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Jaguar Land Rover to axe 1,100 jobs as Covid-19 bites

Car sales dropped by almost two thirds in April.

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Sales picked back up in China last month. (JLR/PA)

Sales picked back up in China last month. (JLR/PA)

Sales picked back up in China last month. (JLR/PA)

Jaguar Land Rover has said it would cut temporary jobs on its factory floor as the company tries to deal with the fallout of the coronavirus crisis.

The carmarker said it would need to reduce the number of agency staff it hires.

It did not specify how many jobs are set to be lost, however it is understood that up to 1,100 positions are potentially on the line.

“Against the backdrop of the Covid-19 pandemic, the company has taken the difficult decision to reduce the number of contract-agency employees in its manufacturing plants over the coming months,” JLR said in a statement.

Union Unite’s national officer Des Quinn said: “This is a painful blow for a loyal workforce.

“Given the unprecedented drop in demand due to the Covid-19 pandemic it was all but inevitable that job losses would be announced.

“It is another devastating blow for our auto sector and the communities that rely on them for jobs.

“We urge the Government to get on with delivering the urgently needed sector support package, as other countries such as France and Germany have done, so that we can stem the tide of redundancies.

It comes as the business, which is owned by India’s Tata Motors, reported a loss of £501 million before tax in the final quarter of its financial year.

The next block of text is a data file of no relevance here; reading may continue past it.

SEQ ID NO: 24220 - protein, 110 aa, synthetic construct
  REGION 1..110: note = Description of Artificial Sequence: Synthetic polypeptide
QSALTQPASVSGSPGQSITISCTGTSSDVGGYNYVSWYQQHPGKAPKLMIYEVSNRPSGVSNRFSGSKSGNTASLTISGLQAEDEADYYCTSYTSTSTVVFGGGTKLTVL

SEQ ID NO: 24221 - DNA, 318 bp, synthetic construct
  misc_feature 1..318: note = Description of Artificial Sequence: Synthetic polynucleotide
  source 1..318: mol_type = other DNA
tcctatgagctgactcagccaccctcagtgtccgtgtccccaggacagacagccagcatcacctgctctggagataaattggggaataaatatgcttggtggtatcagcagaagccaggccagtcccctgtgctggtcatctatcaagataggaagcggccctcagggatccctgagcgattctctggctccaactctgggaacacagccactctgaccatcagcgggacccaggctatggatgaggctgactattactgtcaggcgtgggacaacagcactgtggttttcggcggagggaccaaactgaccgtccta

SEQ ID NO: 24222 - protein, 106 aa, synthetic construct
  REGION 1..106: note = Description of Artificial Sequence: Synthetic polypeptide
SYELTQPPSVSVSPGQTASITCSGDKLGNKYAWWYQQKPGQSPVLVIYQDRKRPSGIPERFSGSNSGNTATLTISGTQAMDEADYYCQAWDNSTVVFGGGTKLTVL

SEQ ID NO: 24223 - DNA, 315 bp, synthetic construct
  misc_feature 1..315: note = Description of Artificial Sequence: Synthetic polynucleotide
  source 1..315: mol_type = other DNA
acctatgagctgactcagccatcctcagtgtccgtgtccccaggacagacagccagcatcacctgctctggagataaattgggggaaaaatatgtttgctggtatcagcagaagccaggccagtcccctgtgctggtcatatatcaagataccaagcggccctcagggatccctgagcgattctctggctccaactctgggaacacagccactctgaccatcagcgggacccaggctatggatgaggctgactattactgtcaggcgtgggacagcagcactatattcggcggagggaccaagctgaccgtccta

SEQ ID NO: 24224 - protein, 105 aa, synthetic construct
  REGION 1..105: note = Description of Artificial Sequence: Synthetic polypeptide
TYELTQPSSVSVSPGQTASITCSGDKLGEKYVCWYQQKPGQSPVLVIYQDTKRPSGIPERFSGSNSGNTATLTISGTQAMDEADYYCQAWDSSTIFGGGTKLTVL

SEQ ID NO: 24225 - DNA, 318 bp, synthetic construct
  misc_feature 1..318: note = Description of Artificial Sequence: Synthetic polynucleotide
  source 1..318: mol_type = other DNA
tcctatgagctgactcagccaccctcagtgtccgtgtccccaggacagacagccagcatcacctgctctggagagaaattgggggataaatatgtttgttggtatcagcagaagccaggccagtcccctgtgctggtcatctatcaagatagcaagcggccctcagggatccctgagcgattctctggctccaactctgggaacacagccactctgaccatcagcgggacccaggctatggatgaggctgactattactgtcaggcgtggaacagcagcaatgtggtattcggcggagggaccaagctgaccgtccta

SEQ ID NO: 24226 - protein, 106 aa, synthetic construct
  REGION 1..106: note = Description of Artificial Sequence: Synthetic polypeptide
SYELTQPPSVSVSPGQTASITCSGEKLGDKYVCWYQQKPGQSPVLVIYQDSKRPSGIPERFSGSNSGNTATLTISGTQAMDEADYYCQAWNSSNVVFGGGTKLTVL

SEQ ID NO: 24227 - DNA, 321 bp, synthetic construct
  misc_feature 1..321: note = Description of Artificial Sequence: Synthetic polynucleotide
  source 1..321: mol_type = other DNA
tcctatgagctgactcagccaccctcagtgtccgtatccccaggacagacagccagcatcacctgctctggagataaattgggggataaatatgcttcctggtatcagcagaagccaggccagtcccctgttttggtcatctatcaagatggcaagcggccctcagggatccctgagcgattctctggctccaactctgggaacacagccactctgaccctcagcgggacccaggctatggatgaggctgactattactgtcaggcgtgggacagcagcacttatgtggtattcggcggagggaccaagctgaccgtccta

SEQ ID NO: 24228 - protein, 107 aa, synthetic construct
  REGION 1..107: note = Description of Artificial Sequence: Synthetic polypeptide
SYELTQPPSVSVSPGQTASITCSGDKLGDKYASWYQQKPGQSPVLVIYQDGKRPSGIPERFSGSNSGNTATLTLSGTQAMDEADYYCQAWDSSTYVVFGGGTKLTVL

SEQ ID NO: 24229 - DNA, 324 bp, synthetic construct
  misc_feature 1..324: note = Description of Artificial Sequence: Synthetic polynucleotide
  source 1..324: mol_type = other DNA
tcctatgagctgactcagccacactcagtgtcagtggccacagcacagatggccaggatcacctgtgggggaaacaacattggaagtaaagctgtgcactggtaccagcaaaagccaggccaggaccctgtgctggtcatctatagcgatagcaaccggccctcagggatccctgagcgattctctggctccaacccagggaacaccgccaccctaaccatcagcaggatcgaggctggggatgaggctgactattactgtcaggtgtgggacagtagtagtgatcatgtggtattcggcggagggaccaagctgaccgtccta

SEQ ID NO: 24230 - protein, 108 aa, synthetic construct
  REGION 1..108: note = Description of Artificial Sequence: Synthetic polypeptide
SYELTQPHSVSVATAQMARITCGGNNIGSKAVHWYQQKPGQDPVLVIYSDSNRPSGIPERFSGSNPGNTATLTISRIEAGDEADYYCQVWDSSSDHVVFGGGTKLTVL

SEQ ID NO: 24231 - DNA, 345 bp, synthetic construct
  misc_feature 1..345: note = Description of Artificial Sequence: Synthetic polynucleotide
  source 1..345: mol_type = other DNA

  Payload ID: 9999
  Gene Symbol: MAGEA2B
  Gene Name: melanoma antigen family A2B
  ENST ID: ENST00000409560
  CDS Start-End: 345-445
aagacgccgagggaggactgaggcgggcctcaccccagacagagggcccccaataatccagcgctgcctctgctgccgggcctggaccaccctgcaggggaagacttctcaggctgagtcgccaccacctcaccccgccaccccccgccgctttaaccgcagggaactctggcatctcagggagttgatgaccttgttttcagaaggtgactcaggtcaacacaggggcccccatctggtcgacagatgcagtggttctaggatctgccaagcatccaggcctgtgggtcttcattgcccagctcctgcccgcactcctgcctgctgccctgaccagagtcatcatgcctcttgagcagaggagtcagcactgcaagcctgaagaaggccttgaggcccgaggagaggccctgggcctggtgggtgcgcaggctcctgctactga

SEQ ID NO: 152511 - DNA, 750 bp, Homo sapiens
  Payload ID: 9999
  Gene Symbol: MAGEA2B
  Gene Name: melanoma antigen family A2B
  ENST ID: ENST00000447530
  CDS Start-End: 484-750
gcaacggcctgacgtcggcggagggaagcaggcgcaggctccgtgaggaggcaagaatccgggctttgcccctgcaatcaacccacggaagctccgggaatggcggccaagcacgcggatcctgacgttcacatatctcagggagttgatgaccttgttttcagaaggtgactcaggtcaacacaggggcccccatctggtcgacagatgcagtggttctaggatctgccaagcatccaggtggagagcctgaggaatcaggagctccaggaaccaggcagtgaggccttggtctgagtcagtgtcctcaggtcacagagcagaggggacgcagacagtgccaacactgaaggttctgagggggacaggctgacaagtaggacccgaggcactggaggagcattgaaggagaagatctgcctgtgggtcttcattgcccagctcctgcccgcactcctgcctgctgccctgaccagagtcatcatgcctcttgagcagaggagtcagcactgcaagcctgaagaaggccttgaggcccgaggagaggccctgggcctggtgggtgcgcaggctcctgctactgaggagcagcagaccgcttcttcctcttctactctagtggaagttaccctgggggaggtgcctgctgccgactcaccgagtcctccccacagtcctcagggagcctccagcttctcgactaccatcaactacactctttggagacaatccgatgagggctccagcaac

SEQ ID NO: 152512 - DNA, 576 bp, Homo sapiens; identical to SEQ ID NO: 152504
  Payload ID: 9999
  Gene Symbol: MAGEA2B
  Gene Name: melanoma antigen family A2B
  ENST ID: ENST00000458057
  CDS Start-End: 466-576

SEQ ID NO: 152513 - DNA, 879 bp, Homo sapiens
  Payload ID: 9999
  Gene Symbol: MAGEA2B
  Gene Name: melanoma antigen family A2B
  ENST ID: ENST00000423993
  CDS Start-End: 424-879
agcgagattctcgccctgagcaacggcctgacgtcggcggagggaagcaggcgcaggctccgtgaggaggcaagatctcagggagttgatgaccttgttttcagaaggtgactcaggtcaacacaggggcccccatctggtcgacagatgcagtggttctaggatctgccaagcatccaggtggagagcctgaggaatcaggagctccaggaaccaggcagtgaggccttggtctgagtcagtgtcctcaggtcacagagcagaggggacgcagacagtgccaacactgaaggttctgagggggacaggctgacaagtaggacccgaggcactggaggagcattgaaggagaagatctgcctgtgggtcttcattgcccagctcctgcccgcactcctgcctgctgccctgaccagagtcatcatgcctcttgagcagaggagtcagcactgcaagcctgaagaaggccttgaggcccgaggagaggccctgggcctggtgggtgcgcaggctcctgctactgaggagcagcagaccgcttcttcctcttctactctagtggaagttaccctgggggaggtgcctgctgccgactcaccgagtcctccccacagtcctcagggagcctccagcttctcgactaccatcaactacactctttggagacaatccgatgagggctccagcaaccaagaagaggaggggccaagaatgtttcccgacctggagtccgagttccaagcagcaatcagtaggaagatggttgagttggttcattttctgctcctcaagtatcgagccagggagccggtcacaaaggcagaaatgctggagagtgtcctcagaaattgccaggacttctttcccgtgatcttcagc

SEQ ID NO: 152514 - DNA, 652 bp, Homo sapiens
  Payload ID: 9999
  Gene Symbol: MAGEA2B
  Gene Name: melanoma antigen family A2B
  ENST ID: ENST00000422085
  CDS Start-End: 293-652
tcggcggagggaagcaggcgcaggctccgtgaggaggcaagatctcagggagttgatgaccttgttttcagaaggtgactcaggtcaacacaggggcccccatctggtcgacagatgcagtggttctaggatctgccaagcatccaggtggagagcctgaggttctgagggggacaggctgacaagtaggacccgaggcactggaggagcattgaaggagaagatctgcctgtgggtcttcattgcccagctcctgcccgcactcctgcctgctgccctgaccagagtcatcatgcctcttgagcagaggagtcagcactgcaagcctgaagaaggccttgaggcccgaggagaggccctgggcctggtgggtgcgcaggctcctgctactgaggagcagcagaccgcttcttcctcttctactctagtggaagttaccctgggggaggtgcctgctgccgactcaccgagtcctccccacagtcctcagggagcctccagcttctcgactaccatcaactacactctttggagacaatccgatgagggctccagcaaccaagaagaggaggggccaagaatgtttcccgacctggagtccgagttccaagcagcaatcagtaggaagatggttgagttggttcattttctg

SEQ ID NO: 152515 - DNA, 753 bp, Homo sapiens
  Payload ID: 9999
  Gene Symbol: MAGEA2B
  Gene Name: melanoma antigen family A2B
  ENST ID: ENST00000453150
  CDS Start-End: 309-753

It sold just under 110,000 vehicles across the three months, a drop of nearly a third.

The news brings overall pre-tax loss to £422 million for the full year on revenues of £23 billion.

JLR said it is preparing for a gradual recovery as lockdown is slowly lifted around the world.

In China, which was the first country to be hit by the outbreak, the first green shoots are already visible.

In April sales were only down 3.1% in the country compared to the same month last year, and they rose by 4.2% in May.

Worldwide sales dropped 62.5% in April to 14,709 vehicles, and 23.3% in May.

“In such uncertain times, I remain convinced that Jaguar Land Rover’s focus on its people, its innovative products and its Destination Zero mission will remain the key to navigating out of this global crisis effectively.

“In China, we are beginning to see recovery in vehicle sales and customers are returning to our showrooms.

“Our operational fitness gives me confidence that we can weather this storm,” said chief executive Sir Ralf Speth.

He added: “Jaguar Land Rover’s early action to transform its business meant that as a company we were on track to meet our full-year expectations and operational and financial targets before the pandemic hit in the fourth quarter.

“We also reacted quickly to the disruption caused by Covid-19.

“Our immediate priority has been the health and wellbeing of our people – and this remains the case as we have now begun the gradual, safe restart of our operations.”

PA